top of page
  • K.Pimpinella

SPSFC2 Finalist Review: Aestus, Book 1: The City, by S. Z. Attwell

Aestus was very action oriented and moved forward with purpose and world-building, and character study’s intertwined nicely. At least, in the beginning.

It was after the prologue where things started to deteriorate for me. The short chapters were nice, but there was no apparent reason for where they started or ended; giving the book an overall disjointed feel. And what I like to call the ‘training montage’ was long winded, and I had some issues with realism, (especially during this training section) with what information was given out to cadets when only two weeks into their training? This entire section is where I will agree with another judge who felt like it started to read like a YA novel.

Overall, it became a disappointing trek through superfluous pages.

Aestus presents a promising premise with clean and well-written prose that initially engages readers. The book follows a familiar trope, and while the overall concept holds potential, it failed to deliver the impact I had hoped for. Despite its strengths, this novel fell short due to its extensive length and an abundance of inconsequential details that detracted from the overall enjoyment of the story.

I really was excited to give this book a read. But like I said, due to its length, (its physical size in paperback to which I purchased is huge), it got put aside the moment it arrived at my doorstep based on the commitment level I knew it was going to need. As much as I wanted to read it, I had to put it aside for when I had enough time.

One aspect that initially drew me to Aestus was the author’s skillful writing style. The prose was clear and polished, allowing the narrative to flow smoothly. Additionally, the central idea behind the story exhibited promise, although it was not entirely original. I appreciated the potential for an intriguing plot twist, but sadly, it was telegraphed far too early, robbing it of ay surprise or excitement. Then, to spend so many chapters, so much time, with Jossy not telling or sharing her discovery with anyone … anyone … was a little hard to swallow.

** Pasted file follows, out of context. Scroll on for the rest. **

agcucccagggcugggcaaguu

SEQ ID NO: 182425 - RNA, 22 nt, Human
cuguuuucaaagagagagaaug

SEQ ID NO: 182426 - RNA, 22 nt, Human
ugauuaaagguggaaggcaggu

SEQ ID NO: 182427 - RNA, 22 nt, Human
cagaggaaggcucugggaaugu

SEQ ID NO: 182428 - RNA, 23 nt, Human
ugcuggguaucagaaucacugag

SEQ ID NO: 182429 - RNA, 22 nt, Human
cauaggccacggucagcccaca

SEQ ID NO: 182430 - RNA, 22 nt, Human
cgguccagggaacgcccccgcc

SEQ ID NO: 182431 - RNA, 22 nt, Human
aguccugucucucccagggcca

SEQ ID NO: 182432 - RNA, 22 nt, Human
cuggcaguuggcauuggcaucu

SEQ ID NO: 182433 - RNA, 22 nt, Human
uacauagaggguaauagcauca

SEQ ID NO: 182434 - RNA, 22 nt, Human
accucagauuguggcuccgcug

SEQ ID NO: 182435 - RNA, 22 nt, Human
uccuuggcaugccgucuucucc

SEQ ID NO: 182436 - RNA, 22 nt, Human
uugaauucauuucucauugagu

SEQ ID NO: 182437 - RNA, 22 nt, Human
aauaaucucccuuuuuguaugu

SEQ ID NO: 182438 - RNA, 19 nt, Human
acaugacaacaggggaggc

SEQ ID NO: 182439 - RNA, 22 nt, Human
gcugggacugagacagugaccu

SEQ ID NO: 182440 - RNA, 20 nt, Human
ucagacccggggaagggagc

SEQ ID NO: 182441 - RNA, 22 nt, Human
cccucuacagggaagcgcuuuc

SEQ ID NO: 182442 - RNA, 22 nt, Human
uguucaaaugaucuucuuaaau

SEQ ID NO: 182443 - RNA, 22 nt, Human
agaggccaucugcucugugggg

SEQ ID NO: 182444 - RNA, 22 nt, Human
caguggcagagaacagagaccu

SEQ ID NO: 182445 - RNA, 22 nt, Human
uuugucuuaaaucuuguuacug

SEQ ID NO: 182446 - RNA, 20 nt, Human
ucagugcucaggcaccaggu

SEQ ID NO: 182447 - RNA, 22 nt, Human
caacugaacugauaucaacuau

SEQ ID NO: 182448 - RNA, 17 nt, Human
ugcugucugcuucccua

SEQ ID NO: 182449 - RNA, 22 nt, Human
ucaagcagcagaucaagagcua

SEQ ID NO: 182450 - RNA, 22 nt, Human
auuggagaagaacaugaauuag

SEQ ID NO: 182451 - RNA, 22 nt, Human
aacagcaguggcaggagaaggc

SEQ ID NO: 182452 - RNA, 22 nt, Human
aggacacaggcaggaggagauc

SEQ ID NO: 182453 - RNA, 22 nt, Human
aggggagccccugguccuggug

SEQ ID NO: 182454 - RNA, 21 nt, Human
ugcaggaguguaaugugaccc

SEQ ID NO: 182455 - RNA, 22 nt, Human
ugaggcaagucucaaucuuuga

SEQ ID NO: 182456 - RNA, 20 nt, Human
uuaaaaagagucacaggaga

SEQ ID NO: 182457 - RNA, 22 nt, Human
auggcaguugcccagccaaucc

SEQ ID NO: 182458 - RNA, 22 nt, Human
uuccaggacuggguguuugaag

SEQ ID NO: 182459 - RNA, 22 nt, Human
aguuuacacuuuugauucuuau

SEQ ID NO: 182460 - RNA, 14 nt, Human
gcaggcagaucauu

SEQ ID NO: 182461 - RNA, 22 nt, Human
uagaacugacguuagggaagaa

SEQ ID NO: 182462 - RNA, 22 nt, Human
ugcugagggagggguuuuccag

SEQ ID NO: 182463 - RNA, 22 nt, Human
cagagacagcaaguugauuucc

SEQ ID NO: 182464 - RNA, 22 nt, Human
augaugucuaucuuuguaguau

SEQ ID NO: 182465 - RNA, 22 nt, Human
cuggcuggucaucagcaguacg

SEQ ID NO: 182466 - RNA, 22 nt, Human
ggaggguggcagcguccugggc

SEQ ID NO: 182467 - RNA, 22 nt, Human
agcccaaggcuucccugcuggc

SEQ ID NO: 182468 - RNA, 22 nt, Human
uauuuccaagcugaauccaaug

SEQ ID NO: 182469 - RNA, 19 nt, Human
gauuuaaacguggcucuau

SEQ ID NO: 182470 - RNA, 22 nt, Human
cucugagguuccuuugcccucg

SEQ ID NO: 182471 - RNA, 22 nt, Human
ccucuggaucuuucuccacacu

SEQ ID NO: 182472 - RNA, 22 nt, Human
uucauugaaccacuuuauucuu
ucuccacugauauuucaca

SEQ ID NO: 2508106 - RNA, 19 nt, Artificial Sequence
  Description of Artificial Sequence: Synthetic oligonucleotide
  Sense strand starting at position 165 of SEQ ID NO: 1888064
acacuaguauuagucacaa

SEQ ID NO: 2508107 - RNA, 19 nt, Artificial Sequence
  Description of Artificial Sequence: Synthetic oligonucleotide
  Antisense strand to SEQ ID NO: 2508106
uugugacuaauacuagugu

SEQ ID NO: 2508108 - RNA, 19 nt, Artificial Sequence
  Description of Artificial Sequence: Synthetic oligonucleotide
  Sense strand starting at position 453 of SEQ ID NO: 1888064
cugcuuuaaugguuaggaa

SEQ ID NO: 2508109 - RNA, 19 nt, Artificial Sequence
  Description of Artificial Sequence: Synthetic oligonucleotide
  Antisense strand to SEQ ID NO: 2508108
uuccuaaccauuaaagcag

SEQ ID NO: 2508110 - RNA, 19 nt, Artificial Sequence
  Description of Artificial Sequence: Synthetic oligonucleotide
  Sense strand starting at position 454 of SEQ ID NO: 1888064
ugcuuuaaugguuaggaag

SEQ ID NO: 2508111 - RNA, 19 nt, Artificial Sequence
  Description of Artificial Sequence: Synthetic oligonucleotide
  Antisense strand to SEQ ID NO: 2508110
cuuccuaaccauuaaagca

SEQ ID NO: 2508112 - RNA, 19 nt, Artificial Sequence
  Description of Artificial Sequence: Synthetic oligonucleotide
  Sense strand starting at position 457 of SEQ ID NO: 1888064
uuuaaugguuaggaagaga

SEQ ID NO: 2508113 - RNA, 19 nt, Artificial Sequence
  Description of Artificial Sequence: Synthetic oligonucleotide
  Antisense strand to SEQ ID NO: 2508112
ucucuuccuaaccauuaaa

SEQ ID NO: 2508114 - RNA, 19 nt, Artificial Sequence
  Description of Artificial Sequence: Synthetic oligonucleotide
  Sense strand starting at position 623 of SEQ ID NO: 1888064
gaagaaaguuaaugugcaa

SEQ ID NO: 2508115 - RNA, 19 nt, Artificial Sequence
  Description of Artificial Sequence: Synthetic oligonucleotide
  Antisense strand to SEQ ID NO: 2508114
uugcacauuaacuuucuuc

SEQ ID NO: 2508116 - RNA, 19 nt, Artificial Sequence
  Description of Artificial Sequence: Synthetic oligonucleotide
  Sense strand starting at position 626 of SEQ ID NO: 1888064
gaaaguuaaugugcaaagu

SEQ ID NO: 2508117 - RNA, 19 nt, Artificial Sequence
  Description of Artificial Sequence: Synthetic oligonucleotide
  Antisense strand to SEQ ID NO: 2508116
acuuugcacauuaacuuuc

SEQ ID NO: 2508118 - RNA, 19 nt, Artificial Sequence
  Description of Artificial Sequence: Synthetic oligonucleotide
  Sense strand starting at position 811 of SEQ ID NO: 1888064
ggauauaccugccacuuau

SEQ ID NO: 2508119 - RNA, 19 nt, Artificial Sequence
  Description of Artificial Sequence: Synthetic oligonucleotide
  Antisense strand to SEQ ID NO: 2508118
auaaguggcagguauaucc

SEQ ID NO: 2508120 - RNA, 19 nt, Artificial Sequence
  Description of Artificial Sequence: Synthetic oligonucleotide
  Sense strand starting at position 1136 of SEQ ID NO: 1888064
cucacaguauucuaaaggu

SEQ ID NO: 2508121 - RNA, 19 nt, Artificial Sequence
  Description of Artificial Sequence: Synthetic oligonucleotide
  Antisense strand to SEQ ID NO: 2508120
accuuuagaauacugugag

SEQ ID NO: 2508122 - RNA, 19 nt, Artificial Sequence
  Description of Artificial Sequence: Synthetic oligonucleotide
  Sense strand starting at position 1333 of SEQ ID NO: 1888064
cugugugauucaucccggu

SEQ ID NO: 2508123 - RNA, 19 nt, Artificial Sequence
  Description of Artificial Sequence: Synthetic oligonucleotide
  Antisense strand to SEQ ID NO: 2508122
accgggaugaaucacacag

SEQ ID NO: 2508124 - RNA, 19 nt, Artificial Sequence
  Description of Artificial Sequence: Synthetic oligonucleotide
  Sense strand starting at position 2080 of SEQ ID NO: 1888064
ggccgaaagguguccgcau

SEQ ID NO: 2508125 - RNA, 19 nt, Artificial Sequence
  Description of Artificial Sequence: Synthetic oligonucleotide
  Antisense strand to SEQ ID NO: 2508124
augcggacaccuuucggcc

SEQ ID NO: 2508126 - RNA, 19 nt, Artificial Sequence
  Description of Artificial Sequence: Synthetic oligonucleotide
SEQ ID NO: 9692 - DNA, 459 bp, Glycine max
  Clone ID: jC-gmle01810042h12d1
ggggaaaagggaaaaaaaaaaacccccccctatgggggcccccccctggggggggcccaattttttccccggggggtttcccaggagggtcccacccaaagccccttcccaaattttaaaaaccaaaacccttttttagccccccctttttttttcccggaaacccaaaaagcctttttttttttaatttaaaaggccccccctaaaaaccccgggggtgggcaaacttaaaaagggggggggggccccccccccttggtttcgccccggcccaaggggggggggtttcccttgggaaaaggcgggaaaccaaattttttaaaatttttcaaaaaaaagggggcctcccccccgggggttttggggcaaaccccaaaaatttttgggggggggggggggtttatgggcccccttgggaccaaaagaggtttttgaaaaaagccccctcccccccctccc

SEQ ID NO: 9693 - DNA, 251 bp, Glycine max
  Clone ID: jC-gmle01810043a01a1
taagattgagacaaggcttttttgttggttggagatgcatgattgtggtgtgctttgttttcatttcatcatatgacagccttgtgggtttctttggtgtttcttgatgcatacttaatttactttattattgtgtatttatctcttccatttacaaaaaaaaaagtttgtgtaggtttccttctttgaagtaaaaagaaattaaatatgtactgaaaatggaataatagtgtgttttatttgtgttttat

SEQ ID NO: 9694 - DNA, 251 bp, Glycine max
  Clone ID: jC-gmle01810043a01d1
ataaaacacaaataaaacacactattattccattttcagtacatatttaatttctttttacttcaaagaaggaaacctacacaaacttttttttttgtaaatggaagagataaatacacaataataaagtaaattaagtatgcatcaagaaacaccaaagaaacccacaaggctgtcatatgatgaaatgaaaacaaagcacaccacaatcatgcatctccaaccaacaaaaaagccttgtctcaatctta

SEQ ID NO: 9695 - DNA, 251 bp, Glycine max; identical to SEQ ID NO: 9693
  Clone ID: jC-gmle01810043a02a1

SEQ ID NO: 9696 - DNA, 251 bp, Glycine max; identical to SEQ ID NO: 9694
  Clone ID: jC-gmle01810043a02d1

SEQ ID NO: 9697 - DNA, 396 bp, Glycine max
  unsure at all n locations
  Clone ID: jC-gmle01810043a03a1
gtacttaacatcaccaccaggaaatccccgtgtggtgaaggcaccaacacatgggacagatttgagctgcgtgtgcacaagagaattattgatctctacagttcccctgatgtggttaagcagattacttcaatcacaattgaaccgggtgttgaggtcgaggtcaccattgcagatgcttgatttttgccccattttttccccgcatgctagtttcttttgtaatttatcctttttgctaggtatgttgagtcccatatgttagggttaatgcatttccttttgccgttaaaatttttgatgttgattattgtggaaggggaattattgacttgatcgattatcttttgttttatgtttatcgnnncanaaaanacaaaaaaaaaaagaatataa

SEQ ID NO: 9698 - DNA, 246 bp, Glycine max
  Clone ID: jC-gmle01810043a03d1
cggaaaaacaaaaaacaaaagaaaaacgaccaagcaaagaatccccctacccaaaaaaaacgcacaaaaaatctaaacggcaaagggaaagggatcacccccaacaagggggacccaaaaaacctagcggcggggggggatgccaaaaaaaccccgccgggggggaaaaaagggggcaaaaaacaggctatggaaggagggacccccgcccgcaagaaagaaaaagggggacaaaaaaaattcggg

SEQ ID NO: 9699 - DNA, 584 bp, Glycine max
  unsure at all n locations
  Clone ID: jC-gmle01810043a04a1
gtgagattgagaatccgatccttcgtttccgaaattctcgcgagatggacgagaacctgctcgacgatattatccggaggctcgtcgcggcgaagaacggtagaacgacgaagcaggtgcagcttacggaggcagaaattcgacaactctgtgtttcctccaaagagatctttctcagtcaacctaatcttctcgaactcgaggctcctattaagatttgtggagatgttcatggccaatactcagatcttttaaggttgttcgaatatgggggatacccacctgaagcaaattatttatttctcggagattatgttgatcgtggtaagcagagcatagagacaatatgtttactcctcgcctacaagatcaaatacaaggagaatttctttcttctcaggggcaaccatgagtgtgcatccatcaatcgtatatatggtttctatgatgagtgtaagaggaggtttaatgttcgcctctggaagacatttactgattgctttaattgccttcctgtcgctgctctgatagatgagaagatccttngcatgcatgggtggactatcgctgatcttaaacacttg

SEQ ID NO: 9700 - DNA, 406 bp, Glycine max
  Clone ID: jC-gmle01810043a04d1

However, the book’s significant flaw lies in its length. Aestus spans a daunting 700 pages, which could have easily been condensed into a more manageable 300 pages without sacrificing the essence of the story. Unfortunately, the excessive length led to numerous instances of regurgitated information and scenes that failed to propel the plot forward. It felt as though the author struggled to discern which aspects were truly essential, resulting in a tedious reading experience.

The narrative frequently became bogged down by an abundance of inconsequential details. Countless pages were wasted on scenes that added little to the overall story progression, leaving me yearning for a move focused and streamlined narrative. It became increasingly challenging to maintain interest as the novel meandered through these superfluous passages. Aside from being a daunting book to simply look at or carry with you to work or whatnot, when I put the book down, it was hard to pick back up when I considered the slog it would be to get through the long, unneeded, lengthy, repetitive scenes to get to the actual story.

While Aestus may appeal to those who have a preference for extensive descriptions and a leisurely narrative pace, I found it difficult to overlook the book’s inability to edit out extraneous information and details. Unfortunately, this detracted from the overall enjoyment and impact of the story.

It is disheartening when a book with potential falls victim to its own lack of editing and narrative conciseness. People/writers/bloggers and readers, talk about editing all the time, like it’s some all encompassing one ‘thing’. It’s not just one thing. Editing means many different things, from spotting typos to grammar mistakes to line editing to content and developmental editing. Editing doesn’t just mean taking out a few passages that you think are your ‘little darlings,’ or rearranging chapters or scenes. It also means knowing what needs to be in the story and what needs to come out- as in, whole characters, whole sections, whole plot-lines and side stories. And noticing which plot points and story elements have already been covered … in some cases, ad nauseam.

In conclusion, Aestus ultimately fails to deliver on its promising premise due to its overwhelming length and an excessive amount of inconsequential material. Despite the well-written prose, the book becomes a tedious read that left me longing for a tighter and more focused storytelling approach.



bottom of page